About the Blog

Fides quaerens intellectum

“Faith seeking understanding”

I’ve had faith since I was 4 years old. It’s wavered, wobbled and taken its share of lumps, many of them self-inflicted, but know that I believe what my namesake wrote in his first letter to the church he founded in the Greek city of Corinth nearly 2,000 years ago:

I passed on to you as most important what I also received: Christ died for our sins in line with the scriptures, he was buried, and he rose on the third day in line with the scriptures. … If Christ hasn’t been raised, then your faith is worthless; you are still in your sins, and what’s more, those who have died in Christ are gone forever. If we have a hope in Christ only in this life, then we deserve to be pitied more than anyone else.

The rest of it is up for grabs.

My name is Paul. I’m the husband of an amazingly attractive, patient and understanding woman who is far more than I deserve, and we are the parents of three daughters, who are reshaping my very soul every minute I spend with them. I’m slowly working through a Master of Arts in history and theology at the university where I work (which is why I won’t be mentioning it by name).

I grew up more conservative than Rush Limbaugh; I’m now more liberal than Barack Obama. How big a shift you think that is likely depends on your own journey in this life. Mine has led me to rethink in fundamental ways everything I once thought I knew. This blog is a chronicle as I continue that reshaping. The faith is there, but I need understanding.

At some point, I discovered I didn’t like God very much, and I was pretty sure he didn’t like me. That’s not a good place to be, and it’s taken several painful years of picking up the pieces of my life to discover that God wants to take my natural interest in learning and writing and train it on the study of him. So here I am, in grad school, writing a blog I figured no one would care to read, juggling school and work and parenting and husbanding with this little pastime.

I’m a journalist by trade and education – a recovering journalist, I should say. So this is a blog for questioners. I desperately seek answers, knowing that I may never find them, but I keep asking just the same. It’s hard-wired into me at this point. If you stick around for any length of time, you’re likely to notice I’m currently asking questions about:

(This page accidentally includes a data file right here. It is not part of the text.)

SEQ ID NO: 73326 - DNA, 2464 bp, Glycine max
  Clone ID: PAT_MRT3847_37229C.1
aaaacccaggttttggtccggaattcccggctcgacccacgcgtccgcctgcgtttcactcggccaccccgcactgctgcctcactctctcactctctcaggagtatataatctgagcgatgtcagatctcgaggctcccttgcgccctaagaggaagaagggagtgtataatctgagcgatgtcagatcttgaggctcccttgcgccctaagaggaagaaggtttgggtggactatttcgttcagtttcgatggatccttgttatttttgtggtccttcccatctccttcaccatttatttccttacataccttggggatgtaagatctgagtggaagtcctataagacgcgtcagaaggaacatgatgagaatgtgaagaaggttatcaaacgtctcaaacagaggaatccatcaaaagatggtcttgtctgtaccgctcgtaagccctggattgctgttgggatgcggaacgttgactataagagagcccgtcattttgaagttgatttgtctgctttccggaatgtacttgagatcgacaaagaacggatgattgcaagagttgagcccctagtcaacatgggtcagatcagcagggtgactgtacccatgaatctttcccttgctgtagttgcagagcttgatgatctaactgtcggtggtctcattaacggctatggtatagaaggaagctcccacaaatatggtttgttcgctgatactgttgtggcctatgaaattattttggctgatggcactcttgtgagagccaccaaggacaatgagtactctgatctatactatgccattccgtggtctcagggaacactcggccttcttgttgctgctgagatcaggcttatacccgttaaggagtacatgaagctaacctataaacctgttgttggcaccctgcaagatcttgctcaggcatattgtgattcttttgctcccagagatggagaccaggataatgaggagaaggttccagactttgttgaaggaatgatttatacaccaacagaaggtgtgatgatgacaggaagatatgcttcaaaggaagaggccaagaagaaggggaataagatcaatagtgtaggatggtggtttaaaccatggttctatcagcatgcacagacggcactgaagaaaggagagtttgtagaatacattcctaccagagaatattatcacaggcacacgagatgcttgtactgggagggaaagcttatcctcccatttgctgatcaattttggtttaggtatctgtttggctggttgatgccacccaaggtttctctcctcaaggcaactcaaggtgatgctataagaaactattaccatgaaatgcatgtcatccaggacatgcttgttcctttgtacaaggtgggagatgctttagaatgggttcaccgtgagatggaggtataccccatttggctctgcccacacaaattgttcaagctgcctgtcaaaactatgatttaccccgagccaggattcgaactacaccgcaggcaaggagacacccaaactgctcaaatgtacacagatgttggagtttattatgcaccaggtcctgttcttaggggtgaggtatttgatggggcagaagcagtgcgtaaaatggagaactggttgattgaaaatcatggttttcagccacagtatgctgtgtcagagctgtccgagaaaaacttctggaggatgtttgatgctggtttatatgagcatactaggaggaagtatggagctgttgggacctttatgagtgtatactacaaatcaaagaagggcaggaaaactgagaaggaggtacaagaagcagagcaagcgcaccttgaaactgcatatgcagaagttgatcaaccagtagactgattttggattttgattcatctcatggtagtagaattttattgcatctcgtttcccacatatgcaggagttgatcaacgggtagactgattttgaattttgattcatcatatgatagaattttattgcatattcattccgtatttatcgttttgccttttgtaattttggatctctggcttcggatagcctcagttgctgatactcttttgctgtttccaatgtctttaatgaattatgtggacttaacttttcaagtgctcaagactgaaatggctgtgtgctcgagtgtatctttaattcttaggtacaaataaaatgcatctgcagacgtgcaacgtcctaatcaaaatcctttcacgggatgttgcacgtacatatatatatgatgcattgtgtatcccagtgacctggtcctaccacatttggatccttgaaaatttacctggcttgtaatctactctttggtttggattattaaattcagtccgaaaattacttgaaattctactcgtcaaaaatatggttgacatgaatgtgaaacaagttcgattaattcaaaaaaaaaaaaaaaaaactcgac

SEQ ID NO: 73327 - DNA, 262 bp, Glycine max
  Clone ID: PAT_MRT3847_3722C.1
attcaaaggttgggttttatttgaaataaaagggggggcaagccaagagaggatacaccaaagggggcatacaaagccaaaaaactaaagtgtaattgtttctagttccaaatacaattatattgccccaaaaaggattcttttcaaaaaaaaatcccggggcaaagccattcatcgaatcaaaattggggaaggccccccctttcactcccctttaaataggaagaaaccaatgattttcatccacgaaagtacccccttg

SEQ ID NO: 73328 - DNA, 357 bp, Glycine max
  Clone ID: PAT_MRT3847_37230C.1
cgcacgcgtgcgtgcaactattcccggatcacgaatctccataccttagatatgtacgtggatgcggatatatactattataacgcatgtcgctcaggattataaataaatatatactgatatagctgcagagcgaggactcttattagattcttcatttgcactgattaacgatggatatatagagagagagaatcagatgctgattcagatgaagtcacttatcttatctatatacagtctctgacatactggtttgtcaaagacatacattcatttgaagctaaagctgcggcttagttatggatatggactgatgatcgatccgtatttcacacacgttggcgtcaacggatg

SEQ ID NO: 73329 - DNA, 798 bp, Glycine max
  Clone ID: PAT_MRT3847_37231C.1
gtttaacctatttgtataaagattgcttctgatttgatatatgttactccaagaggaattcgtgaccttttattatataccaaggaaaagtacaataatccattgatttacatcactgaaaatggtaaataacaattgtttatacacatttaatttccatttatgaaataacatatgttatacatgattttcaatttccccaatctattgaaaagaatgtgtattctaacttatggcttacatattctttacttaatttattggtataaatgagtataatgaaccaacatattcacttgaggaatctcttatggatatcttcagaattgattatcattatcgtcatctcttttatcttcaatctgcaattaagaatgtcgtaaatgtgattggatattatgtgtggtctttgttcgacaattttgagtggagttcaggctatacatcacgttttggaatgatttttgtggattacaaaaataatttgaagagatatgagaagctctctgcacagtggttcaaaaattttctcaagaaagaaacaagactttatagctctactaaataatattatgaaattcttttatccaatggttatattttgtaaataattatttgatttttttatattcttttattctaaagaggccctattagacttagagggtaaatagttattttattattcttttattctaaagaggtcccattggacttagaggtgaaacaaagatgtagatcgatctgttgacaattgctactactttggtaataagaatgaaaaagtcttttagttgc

• Theodicy
  • Sexuality
  • Parenting
  • The virgin birth
  • The omnipotence of God
  • Universalism

One of my worst habits is forming an opinion and defending it with all I’ve got. I’m trying to break it and recognize that a little humility does us all a lot of good when discussing questions of theology. I’ve been disoriented. I’m slowly becoming reoriented. But that’s no guarantee I’ve got it right.

So join me on this journey, won’t you? We can strengthen our faith and seek understanding together, as we await the day when all of our questions will be answered by the One to whom we’ve been clinging this whole time.

10 thoughts on “About the Blog”

  1. Thank you for this article! It is extremely well written, clear, scriptural, covers a wealth of information in a concise manner without being heavy on terminology, and it isn’t sarcastic or filled with personal attacks to anyone. Blessings to you!

  2. Oh, I’m so grateful to have found your blog! Incredible article on Romans…can I quote it for an exegetical paper I’m writing on 11:17-24? (I’d give you credit, of course!!!!!!) Well, regardless of your answer, thank you so much for your work here! Very, very, VERY helpful to me!

  3. Nice to come across your blog.

    I never do understand how or why one would continue to believe in the Christian god with such a learned understanding of many of the discrepancies from what is supposed to be the one-teaching-book… but here’s to hoping for a surprise !

  4. Hi, Paul Great blog and can’t wait to explore it all. I’m going to share your article on the Exodus with my Living the Questions group at Wesley-Knox United Church here in London, Ontario. Hope that is OK. Opens up the whole business of historicity of the Bible and focusing on what is really important. Best, Harry

  5. My friend, you are incredibly smart. I don’t actually know you, but from what I’ve read on this blog, I can say I have a lot of respect for you already.
    I too am someone who likes to question many things. I too am someone who has grown up in a very conservative home. I too am on a journey of questioning and discerning. That is why I am so very grateful that I have found your blog. Reading your papers has been a breathe of fresh air.
    Thank you. I will be returning here often.

  6. I disagree with your article. The two archaeologist you mentioned chose to ignore the findings of the actual Red Sea crossing. A number of chariot wheels found have confirmed the dating to the correct Biblical time.

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